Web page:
Tolkien Gateway

Narog

(Difference between revisions)
(Etymology)
m (added {{references}} + a page reference + some quick stylistic tweaks)
Line 7: Line 7:
  
 
== Etymology ==
 
== Etymology ==
In [[The Etymologies]], the river's name was stated to mean ''rushing, violent''. However, in [[Parma Eldalamberon 17]] reproducing a later writing of [[Tolkien]], two possible [[Khuzdul]] origins were mentioned: [[Narâk]] and [[Naruka]], both of unknown meaning.  
+
In the [[The Etymologies|''Etymologies'']], the river's name was stated to mean "rushing, violent".<ref>{{LR|Etymologies}}</ref> However, in the later wiring of [[J.R.R. Tolkien|Tolkien]], two possible [[Khuzdul]] origins were mentioned: ''[[Narâg]]'' and ''[[naruka]]'', both of unknown meaning.<ref>{{PE|17}}, pp. 37, 47</ref>
  
 
In [[Eriol]]'s [[Old English]] translations, Narog is referred as ''Hlyda'' "Loudy". The Elves of Nargothrond were named Hlydingas<ref>{{SM|QA1}}</ref>.
 
In [[Eriol]]'s [[Old English]] translations, Narog is referred as ''Hlyda'' "Loudy". The Elves of Nargothrond were named Hlydingas<ref>{{SM|QA1}}</ref>.
Line 13: Line 13:
 
==See also==
 
==See also==
 
* [[:Category:Images of Narog|Images of Narog]]
 
* [[:Category:Images of Narog|Images of Narog]]
 
+
{{references}}
 
[[Category:Beleriand]]
 
[[Category:Beleriand]]
 
[[Category:Sindarin Locations]]
 
[[Category:Sindarin Locations]]

Revision as of 22:37, 26 July 2011

The River Narog was the chief river of West Beleriand, the largest tributary of River Sirion.

It rose from the Pools of Ivrin in the Ered Wethrin, flowed south and then southeast, flowing through a gorge in a series of rapids where it crossed the hills of the Andram or Long Wall, finally meeting Sirion in the Land of Willows Nan-tathren, not far above the Mouths of Sirion. Narog's tributaries were the River Ginglith in the north and the River Ringwil in the Taur-en-Faroth.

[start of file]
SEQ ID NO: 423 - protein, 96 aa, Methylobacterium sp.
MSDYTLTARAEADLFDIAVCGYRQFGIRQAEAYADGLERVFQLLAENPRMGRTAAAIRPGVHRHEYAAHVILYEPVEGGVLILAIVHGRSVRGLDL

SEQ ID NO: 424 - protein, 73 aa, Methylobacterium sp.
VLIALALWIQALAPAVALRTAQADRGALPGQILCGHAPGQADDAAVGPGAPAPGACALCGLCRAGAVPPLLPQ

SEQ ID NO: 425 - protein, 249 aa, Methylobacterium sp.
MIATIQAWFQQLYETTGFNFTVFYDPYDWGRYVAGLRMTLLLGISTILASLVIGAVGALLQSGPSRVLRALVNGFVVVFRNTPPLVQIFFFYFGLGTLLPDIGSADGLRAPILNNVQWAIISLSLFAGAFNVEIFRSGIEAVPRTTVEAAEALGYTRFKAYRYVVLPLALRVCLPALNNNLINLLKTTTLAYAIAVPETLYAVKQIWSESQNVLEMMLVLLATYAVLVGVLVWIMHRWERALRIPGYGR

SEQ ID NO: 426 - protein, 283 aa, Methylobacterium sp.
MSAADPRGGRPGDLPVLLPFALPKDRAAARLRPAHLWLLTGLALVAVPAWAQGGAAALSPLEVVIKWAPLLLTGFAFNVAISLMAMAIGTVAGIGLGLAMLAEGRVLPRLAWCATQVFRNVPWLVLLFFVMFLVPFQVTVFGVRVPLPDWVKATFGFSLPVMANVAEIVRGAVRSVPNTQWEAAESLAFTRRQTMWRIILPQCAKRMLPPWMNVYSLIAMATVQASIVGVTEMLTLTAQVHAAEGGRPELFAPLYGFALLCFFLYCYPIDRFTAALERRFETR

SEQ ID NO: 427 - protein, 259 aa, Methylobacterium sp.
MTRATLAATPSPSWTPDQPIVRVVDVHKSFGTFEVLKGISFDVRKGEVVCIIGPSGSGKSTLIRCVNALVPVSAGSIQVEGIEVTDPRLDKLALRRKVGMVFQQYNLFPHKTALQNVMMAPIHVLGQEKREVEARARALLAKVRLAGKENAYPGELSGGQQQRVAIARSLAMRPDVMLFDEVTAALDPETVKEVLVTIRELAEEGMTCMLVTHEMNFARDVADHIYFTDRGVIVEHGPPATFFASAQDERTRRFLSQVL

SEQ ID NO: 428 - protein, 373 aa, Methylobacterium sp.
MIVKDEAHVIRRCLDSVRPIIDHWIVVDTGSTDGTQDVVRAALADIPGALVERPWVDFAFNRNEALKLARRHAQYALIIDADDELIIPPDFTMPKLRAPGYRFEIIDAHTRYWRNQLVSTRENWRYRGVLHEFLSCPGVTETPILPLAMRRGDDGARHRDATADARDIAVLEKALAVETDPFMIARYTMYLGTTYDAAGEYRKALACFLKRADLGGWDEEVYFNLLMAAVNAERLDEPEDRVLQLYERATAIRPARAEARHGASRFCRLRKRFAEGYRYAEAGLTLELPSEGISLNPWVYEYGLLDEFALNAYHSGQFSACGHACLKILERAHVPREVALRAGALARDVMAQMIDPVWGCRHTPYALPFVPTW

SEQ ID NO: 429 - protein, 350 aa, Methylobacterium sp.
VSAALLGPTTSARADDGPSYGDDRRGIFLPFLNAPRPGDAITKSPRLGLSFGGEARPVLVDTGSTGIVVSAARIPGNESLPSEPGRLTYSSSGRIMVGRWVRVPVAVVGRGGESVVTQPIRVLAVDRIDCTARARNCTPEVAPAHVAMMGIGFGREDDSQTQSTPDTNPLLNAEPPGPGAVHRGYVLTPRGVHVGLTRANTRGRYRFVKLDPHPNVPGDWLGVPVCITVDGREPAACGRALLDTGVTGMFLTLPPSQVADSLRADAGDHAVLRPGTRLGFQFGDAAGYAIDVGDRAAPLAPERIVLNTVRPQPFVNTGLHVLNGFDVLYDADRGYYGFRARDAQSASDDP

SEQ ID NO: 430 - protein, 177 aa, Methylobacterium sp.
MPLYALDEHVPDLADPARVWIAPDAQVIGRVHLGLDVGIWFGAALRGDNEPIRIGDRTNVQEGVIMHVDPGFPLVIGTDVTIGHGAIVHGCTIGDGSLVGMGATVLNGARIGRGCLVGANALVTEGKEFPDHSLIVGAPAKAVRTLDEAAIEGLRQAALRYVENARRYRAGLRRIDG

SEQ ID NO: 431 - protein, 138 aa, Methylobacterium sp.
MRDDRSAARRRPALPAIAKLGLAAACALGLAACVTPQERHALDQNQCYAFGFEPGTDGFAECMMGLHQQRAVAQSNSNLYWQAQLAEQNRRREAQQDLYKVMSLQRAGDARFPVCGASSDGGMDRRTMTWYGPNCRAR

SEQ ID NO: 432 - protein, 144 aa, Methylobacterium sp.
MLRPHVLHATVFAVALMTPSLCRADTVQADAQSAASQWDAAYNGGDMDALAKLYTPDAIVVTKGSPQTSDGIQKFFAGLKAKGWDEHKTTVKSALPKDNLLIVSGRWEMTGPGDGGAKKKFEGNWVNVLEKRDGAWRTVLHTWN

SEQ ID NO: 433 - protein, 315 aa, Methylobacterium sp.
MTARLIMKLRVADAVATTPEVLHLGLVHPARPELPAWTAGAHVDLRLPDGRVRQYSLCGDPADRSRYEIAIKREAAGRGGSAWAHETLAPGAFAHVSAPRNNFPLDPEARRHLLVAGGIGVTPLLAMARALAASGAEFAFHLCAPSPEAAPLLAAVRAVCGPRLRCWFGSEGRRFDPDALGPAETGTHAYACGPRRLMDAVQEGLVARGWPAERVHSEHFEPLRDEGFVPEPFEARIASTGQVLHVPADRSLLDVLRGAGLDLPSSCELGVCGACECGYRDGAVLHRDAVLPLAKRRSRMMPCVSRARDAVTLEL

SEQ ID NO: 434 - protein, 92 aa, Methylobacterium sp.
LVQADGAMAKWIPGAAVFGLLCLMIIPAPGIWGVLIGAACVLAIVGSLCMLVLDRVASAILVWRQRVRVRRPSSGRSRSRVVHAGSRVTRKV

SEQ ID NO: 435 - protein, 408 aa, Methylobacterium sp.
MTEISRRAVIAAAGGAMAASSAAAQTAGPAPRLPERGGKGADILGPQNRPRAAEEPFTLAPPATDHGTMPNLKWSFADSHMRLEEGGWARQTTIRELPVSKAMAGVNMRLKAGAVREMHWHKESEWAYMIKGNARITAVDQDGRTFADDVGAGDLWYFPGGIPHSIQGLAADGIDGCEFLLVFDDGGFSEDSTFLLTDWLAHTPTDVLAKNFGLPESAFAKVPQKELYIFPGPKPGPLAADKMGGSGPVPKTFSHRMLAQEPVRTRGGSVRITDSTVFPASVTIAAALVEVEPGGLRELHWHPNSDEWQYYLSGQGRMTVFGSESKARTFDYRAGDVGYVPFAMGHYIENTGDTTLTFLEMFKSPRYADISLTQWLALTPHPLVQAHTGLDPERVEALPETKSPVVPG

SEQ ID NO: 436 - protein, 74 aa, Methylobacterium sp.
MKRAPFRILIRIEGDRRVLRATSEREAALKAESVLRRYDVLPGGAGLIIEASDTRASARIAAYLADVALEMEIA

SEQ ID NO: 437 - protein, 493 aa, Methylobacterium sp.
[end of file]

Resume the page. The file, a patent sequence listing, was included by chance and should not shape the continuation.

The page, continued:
Into its western bank, just south of where Ringwil rushed into Narog, was carved the city of Nargothrond, stronghold of Finrod Felagund.

Etymology

In the Etymologies, the river's name was stated to mean "rushing, violent".[1] However, in the later wiring of Tolkien, two possible Khuzdul origins were mentioned: Narâg and naruka, both of unknown meaning.[2]

In Eriol's Old English translations, Narog is referred as Hlyda "Loudy". The Elves of Nargothrond were named Hlydingas[3].

See also

References

  1. J.R.R. Tolkien, Christopher Tolkien (ed.), The Lost Road and Other Writings, "Part Three: The Etymologies"
  2. J.R.R. Tolkien, "Words, Phrases and Passages in Various Tongues in The Lord of the Rings", in Parma Eldalamberon XVII (edited by Christopher Gilson), pp. 37, 47
  3. J.R.R. Tolkien, Christopher Tolkien (ed.), The Shaping of Middle-earth, "III. The Quenta: Appendix 1: Fragments of a translation of The Quenta Noldorinwa into Old English, made by Ælfwine or Eriol; together with Old English equivalents of Elvish names"